(WKBN) — These warm, sunny summer months are a great time for growing plants and being outside. But they also tend to bring out some pesky friends: Japanese beetles!
If you’ve gone outside at all this summer, chances are you’ve seen the little guys.
“Typically we recommend people and homeowners, to start looking for Japenese beetle populations like late June, early July,” said Egg and Natural Resources educator Haley Shoemaker.
Shoemaker with Ohio State University Extension said typically around this time is when the beetles start to come into that adult stage and we start noticing them feeding on our plants or fruit trees.
There are a few management options to try to prevent them from eating at your plants. The first is physical removal which Shoemaker recommends if you have time and don’t have a huge infestation.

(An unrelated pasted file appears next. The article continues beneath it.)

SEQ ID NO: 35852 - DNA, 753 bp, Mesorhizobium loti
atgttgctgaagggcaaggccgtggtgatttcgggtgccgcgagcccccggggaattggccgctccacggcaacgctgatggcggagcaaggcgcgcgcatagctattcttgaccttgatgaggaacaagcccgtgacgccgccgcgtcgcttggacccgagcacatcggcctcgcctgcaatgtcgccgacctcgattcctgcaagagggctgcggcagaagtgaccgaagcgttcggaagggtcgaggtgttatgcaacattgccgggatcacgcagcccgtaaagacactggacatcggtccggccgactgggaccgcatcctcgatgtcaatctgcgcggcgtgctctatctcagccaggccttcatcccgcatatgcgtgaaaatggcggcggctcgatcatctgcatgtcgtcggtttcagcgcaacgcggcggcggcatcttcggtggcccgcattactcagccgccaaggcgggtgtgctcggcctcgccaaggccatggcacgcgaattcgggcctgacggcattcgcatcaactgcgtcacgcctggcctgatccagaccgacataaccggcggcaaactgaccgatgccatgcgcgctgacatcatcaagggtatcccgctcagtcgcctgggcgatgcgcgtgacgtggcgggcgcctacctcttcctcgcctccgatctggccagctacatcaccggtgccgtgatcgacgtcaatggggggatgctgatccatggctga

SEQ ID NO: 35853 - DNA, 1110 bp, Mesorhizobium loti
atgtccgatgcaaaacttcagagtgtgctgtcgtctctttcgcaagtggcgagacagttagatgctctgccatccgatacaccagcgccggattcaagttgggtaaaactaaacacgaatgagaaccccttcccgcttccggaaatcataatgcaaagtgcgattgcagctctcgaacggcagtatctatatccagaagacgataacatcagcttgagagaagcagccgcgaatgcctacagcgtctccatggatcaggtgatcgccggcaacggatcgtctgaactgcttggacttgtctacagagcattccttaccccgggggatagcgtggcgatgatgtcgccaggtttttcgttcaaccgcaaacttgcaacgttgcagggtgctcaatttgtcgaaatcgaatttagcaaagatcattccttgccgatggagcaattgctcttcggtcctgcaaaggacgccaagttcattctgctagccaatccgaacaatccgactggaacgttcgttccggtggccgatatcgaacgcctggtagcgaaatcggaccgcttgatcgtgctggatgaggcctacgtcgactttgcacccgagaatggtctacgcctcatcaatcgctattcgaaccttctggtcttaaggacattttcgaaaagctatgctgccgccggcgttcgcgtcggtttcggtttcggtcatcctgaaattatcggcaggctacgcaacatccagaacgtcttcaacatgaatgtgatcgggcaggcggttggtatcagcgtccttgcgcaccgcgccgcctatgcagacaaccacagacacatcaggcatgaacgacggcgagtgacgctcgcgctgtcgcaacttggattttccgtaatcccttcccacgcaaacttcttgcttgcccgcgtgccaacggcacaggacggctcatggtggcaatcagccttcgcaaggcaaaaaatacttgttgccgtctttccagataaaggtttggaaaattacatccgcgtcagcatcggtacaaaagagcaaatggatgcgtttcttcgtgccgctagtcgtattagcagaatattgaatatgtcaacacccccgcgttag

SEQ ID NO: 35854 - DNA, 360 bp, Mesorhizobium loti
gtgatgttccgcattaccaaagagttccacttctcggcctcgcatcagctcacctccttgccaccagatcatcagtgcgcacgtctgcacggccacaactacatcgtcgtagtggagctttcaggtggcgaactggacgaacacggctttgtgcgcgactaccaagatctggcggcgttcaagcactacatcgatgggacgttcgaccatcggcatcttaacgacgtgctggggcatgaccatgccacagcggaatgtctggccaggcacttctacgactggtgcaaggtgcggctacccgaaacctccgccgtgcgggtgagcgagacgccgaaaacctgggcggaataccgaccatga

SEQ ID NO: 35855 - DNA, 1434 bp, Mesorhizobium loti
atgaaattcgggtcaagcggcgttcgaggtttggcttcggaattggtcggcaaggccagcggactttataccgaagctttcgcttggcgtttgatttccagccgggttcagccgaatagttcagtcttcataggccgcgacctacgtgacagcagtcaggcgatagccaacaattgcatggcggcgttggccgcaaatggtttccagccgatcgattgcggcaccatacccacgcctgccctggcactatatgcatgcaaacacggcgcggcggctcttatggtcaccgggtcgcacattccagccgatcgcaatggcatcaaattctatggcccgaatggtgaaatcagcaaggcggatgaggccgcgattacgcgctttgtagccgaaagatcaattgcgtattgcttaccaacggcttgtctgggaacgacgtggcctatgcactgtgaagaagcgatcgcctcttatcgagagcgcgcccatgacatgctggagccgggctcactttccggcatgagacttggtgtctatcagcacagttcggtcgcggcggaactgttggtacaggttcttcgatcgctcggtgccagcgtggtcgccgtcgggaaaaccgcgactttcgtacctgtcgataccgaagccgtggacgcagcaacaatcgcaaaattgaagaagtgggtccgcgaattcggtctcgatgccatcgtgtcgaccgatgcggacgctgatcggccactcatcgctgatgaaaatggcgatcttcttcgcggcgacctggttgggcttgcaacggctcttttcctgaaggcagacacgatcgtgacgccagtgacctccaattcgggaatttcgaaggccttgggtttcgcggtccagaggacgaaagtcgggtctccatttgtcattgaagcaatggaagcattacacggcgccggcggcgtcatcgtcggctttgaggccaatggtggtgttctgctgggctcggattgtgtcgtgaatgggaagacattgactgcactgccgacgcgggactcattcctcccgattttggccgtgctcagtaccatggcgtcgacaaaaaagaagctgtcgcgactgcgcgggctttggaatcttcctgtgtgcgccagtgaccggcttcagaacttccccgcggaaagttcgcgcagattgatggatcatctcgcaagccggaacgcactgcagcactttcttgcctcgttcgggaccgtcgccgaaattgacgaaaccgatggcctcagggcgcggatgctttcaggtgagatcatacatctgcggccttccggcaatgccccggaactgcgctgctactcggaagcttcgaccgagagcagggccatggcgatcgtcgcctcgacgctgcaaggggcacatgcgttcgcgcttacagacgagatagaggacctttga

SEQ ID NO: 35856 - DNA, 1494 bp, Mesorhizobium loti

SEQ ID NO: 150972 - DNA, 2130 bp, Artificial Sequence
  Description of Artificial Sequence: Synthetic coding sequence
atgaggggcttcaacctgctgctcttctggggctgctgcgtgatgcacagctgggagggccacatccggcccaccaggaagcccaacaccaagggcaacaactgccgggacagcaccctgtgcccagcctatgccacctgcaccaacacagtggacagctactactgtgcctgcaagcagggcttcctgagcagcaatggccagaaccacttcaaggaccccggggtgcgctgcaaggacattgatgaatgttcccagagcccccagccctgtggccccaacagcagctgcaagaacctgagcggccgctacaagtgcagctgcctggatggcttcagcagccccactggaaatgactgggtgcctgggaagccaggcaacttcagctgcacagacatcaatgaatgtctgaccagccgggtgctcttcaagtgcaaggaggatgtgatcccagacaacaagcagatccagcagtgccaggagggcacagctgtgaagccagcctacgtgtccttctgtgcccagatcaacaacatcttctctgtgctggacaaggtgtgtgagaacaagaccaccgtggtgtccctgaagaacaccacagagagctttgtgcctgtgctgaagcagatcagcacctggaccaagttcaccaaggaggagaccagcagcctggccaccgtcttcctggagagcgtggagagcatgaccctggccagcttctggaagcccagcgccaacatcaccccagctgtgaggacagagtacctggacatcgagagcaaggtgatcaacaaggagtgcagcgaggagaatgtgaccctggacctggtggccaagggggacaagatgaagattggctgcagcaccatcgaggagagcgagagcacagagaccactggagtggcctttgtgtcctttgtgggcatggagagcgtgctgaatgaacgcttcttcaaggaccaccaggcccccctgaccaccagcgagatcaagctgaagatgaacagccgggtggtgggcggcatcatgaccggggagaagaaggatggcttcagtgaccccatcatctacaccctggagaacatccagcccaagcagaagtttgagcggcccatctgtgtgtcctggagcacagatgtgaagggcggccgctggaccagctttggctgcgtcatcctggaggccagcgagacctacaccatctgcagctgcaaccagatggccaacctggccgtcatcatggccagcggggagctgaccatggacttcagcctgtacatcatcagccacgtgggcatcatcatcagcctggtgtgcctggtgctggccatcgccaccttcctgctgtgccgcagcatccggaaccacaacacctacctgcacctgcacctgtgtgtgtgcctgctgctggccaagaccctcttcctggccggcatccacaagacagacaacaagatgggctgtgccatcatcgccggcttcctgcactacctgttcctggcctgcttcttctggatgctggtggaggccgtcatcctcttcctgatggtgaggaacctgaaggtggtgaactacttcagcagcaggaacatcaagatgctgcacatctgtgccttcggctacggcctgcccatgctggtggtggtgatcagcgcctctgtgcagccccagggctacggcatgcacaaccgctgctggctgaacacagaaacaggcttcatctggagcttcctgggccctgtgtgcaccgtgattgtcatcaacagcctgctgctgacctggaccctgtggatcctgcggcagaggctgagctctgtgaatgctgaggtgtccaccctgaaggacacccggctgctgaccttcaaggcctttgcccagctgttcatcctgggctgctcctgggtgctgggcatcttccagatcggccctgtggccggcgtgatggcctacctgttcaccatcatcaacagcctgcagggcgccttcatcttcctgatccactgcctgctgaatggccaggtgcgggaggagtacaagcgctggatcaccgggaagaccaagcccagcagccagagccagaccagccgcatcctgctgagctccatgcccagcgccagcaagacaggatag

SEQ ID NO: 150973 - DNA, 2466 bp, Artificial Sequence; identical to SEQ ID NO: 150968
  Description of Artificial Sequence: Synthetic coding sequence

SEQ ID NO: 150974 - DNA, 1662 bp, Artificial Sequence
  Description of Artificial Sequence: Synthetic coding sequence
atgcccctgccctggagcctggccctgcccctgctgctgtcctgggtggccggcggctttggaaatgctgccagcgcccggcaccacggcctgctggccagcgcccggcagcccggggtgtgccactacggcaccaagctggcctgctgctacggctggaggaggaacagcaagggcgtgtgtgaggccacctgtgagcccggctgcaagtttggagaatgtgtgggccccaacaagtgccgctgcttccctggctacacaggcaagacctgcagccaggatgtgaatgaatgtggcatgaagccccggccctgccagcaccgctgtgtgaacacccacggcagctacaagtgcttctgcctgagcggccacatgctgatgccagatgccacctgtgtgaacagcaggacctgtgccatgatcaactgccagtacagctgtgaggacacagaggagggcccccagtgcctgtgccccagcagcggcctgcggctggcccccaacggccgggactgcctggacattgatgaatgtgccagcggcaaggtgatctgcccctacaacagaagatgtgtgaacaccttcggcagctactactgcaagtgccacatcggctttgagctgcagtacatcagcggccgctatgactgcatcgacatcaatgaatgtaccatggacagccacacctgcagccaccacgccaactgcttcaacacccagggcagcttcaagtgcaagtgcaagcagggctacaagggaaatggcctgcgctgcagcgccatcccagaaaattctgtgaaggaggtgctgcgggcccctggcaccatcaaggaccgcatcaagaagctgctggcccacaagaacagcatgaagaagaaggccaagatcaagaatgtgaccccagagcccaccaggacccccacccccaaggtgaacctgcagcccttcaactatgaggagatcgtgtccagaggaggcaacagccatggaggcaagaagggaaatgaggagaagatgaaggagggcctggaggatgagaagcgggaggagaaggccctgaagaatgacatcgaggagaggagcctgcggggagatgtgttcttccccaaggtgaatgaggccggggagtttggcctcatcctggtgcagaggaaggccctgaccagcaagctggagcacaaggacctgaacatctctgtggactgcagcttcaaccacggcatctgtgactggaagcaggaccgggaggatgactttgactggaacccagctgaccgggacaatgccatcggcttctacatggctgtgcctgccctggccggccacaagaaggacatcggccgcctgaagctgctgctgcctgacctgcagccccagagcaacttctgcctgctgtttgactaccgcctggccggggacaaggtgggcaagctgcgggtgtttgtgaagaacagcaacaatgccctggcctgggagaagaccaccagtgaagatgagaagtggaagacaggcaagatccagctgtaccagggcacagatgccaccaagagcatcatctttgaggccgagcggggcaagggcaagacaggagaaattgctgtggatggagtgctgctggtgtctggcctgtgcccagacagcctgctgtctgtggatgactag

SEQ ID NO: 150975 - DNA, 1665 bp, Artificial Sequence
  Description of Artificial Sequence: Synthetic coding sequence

“You can knock the beetles into like a soapy bucket or a bucket of soapy water, that keeps them from flying right back out and having more snacks on your plants,” said Shoemaker.
If you have a large infestation in your yard or garden, another easy fix besides pesticides is by changing the plants in your landscape.
“We typically don’t see Japanese beetles go too heavy after boxwood, clematis, chrysanthemum, our conifer, furwood pine,” said Shoemaker.
While Japanese beetles may be small, they can be pesky and cause trouble down the line for your plants.
“They’re actually called skeletonizers so when you see them eat at the leaves, they’re eating the fleshy part in between the veins of those leaves and plants so then that leaf is then most likely going to die,” said Shoemaker.
Shoemaker said the beetles typically finish feeding on plants by mid-Aug. and anyone with questions about prevention options can contact OSU Extension.